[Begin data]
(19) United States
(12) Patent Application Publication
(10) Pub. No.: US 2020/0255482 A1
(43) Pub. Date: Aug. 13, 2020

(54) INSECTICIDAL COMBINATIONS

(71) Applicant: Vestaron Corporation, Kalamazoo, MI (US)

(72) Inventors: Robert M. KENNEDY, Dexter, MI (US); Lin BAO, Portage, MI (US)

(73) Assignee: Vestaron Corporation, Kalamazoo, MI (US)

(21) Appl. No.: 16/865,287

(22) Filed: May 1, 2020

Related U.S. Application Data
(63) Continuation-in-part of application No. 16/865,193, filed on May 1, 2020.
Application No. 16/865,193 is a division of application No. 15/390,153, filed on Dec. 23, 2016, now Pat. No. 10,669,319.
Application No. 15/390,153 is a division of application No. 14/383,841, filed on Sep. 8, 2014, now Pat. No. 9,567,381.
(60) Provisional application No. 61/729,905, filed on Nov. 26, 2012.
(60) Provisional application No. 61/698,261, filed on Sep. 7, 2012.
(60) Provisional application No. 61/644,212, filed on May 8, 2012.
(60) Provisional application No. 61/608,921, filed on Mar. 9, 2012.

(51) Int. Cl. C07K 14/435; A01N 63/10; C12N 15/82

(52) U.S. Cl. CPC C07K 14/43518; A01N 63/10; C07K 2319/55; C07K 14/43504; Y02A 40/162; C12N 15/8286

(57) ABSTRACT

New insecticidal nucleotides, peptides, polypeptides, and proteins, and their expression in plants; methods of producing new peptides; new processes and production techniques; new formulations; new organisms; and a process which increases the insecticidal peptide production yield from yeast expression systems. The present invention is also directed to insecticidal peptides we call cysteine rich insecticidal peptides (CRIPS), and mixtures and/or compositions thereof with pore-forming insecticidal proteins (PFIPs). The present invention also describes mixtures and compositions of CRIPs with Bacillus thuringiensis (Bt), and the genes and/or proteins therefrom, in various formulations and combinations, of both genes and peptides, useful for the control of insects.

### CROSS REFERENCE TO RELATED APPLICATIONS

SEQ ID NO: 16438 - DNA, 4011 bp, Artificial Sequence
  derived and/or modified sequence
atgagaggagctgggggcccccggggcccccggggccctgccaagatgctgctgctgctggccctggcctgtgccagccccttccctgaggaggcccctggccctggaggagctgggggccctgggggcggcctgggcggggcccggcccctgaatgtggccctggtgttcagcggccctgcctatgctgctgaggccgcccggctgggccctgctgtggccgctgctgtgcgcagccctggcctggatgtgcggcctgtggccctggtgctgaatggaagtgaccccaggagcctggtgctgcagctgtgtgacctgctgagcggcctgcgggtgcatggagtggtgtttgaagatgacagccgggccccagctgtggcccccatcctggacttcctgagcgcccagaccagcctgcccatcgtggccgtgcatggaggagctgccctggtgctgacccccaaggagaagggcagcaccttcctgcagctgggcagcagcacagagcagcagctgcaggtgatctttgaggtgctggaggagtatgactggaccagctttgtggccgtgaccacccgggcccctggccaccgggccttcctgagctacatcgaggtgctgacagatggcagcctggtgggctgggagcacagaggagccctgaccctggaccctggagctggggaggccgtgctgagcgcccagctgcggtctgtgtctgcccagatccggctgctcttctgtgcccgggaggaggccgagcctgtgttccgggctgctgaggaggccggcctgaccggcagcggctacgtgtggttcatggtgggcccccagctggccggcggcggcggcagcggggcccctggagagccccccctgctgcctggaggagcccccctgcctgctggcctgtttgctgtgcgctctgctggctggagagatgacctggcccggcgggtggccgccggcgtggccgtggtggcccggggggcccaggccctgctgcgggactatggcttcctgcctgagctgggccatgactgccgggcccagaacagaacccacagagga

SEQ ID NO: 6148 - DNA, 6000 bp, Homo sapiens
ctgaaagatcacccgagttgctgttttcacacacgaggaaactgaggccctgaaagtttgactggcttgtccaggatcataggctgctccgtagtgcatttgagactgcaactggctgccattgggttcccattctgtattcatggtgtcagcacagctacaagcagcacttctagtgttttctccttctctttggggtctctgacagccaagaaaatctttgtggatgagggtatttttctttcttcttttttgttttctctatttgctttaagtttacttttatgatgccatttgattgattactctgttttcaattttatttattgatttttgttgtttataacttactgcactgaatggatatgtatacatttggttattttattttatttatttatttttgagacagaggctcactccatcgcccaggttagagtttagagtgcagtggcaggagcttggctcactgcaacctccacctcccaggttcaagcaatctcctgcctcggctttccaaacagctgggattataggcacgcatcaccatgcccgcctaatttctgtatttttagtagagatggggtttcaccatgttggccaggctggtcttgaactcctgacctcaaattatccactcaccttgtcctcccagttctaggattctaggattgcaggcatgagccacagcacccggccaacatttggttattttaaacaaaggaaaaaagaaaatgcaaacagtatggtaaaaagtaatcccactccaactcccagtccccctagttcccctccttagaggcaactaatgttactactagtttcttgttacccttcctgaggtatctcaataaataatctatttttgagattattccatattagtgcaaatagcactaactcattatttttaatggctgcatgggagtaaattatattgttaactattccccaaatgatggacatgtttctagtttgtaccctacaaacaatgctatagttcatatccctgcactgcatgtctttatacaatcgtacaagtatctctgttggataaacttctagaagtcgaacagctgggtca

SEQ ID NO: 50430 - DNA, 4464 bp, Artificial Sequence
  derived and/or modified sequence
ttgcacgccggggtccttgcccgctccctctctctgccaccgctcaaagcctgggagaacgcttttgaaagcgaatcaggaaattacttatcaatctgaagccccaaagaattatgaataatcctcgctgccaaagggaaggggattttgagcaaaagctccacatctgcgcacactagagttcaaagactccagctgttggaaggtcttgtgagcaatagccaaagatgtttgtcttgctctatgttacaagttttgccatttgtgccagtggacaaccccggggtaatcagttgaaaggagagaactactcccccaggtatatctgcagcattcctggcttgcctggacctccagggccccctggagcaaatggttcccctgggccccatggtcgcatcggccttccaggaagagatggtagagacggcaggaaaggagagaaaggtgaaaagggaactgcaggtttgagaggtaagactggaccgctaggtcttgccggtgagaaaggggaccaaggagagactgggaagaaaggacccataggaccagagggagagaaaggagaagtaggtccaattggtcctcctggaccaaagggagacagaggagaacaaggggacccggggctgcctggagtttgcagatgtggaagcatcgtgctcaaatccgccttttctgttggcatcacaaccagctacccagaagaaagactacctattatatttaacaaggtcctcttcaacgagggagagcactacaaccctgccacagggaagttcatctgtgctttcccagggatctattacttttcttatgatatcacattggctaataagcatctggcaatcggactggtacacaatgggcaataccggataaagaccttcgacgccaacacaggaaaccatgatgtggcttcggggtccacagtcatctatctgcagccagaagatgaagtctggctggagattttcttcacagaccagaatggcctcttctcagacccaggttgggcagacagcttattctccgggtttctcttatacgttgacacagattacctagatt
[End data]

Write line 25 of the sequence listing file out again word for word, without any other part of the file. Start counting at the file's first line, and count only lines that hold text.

  derived and/or modified sequence